Having lost her sight abruptly in adulthood, Ingrid (Ellen Dorrit Petersen), takes refuge in the comfort of her home and eventually into the discordance of her inner psyche. She projects her own loneliness, sexual frustration and maternal yearnings onto fictional characters in a story she conjures during the day while her husband is at work – or rather as he lurks and spies furtively on her. Maybe, who knows.
The line between reality and fiction becomes increasingly indiscernible the more time Ingrid spends inside her own head. Blind demands concentration, if you blink or look away for a second things suddenly don’t make any sense. Two friends having a conversation over coffee in a café are, without any warning, are now speaking on a bus, for instance.
These on-the-fly story changes aren’t just incidental, they spread to her characters as well. Her main character, Elin (Vera Vitali), we learn has a son who, in the space of just a few seconds and cuts, becomes a daughter at the capricious whim of her author. Elin appears to be much of what Ingrid wishes she still was and who she could become. ‘I don’t think I’ve ever seen a pregnant blind woman. Blind mothers have to pull their pram, to avoid pushing it into the unknown, you’d remember seeing that,’ Ingrid – or is that Elin? – muses.
Ingrid pairs Elin with Einar (Marius Kolbenstvedt), an individual who spends his days indulging in adult movies (illustrated in a gratuitously graphic montage sequence) as he pines for Elin from his bedroom window in the adjacent apartment block.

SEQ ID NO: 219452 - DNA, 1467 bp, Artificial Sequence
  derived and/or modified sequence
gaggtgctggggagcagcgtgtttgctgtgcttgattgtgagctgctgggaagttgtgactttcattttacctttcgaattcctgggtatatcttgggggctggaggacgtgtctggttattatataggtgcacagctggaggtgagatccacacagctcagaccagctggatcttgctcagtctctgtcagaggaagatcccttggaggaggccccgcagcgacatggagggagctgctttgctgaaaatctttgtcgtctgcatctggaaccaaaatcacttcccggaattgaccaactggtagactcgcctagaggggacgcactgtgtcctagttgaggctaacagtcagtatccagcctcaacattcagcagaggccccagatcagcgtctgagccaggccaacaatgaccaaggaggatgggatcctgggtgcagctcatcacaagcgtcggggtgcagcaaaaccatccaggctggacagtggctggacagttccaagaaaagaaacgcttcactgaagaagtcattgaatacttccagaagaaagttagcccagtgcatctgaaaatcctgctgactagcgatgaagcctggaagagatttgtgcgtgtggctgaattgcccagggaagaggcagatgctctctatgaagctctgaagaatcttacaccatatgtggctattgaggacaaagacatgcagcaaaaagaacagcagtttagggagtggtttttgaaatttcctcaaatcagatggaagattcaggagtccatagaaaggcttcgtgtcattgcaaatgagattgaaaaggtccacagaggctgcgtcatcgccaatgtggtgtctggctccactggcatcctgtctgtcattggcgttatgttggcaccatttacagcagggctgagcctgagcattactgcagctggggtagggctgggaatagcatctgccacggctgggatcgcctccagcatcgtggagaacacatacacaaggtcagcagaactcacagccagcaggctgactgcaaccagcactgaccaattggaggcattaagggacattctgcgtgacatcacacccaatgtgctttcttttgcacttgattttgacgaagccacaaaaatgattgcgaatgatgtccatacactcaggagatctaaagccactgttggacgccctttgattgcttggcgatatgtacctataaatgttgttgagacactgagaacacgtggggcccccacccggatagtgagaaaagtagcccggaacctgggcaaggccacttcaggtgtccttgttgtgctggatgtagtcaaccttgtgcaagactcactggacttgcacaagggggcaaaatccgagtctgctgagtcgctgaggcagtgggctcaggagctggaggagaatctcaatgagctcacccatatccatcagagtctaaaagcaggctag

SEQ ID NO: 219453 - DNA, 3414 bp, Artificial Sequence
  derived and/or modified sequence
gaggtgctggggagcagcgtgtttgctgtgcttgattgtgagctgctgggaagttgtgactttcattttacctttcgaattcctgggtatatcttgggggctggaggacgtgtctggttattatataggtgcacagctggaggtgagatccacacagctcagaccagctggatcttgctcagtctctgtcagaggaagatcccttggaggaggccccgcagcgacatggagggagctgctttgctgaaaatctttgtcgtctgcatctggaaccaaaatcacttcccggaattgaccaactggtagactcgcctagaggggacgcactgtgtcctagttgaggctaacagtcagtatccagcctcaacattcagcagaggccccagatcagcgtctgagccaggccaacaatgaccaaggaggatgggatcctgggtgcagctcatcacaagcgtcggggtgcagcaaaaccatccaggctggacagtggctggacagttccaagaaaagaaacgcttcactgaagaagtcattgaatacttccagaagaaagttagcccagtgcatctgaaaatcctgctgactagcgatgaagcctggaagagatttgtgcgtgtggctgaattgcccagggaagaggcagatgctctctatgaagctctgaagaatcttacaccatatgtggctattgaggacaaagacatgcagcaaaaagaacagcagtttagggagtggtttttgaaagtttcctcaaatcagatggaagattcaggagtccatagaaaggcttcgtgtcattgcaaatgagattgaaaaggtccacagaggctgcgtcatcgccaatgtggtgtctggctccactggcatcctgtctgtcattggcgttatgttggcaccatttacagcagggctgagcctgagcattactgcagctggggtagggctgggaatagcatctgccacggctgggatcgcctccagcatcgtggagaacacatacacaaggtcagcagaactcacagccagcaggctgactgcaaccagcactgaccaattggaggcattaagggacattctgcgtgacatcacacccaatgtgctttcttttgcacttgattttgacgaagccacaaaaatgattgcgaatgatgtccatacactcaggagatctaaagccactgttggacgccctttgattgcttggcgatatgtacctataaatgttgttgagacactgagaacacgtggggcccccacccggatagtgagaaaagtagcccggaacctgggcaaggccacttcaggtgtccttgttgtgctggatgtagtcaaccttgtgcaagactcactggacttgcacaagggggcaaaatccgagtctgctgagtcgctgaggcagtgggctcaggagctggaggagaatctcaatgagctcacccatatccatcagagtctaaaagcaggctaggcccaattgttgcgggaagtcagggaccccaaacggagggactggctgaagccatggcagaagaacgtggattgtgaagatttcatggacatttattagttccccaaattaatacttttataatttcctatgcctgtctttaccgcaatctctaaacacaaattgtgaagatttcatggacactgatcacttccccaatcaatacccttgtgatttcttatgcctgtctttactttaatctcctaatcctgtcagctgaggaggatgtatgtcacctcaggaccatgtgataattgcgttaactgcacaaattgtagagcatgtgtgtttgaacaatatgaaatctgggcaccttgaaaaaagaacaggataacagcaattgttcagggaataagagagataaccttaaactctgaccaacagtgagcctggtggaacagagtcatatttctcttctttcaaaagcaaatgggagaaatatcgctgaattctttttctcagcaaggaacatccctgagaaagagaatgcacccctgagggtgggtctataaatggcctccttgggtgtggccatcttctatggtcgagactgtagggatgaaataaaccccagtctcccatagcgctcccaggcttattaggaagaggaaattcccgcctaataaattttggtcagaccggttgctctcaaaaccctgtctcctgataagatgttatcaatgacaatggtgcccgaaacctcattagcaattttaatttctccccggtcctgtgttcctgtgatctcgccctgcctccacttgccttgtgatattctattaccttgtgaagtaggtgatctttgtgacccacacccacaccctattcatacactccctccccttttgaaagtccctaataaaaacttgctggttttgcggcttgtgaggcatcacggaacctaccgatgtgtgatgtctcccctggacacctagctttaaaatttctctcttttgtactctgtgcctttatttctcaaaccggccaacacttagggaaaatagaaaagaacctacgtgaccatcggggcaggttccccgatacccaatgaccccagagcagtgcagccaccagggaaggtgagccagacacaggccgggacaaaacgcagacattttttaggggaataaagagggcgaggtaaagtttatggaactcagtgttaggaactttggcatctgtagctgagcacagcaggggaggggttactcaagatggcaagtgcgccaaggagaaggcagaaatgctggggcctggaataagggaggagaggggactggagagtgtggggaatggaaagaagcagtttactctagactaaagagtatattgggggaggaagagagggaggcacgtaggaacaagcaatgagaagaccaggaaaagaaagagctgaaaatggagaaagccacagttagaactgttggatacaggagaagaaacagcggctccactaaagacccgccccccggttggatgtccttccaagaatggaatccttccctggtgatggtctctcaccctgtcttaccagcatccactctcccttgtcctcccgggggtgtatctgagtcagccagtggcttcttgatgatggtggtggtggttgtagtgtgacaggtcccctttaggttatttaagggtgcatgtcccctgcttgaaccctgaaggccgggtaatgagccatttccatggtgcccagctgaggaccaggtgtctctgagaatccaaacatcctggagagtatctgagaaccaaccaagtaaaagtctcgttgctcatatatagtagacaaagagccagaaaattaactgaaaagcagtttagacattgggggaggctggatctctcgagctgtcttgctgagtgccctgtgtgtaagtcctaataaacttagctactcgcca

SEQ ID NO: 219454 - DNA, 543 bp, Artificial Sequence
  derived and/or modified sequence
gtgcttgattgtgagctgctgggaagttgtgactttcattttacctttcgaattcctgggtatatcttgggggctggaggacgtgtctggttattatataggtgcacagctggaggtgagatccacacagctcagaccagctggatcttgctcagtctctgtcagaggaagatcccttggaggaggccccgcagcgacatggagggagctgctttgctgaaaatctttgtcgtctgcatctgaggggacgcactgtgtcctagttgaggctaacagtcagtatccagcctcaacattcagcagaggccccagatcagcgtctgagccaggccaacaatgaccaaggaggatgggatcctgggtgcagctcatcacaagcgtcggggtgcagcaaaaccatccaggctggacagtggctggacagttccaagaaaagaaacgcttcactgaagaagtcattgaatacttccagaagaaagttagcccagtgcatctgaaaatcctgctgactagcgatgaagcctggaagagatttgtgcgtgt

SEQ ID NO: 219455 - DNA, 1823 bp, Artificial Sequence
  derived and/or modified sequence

In a sombre scene, Einar, having observed Elin watching a show on the television switches to the same channel. Vogt cuts between the two gazing at their televisions and eating in what becomes an odd yet quietly sad dinner date. Ingrid’s sight may have vanished but her loneliness and isolation is clear as day for all to see.
The final character is in fact Ingrid’s maybe-maybe-not voyeur husband, Morten (Henrik Rafaelsen), who may or may not browse dating websites while his blind wife lies in bed next to him.
The ambiguous nature of what is real on screen and what is a momentary interjection of fictive writing means Ingrid remains somewhat distant and out of reach for much of Blind. The viewer understands her innermost insecurities and worries through Elin, Einar and Morten (played strongly by their respective actors), but it sometimes feels all too hollow and intangible, making it difficult to fully invest in Ingrid.
In spite of this, Ellen Dorrit Petersen gives a measured performance – her pale, stripped down beauty seems like an ideal match for Ingrid who often fumbles around her sparse, plainly decorated home like a blank human canvas.
Eskil Vogt’s directorial debut is an inventive mosaic that outlines him as a filmmaker to keep an eye on in the future. (7)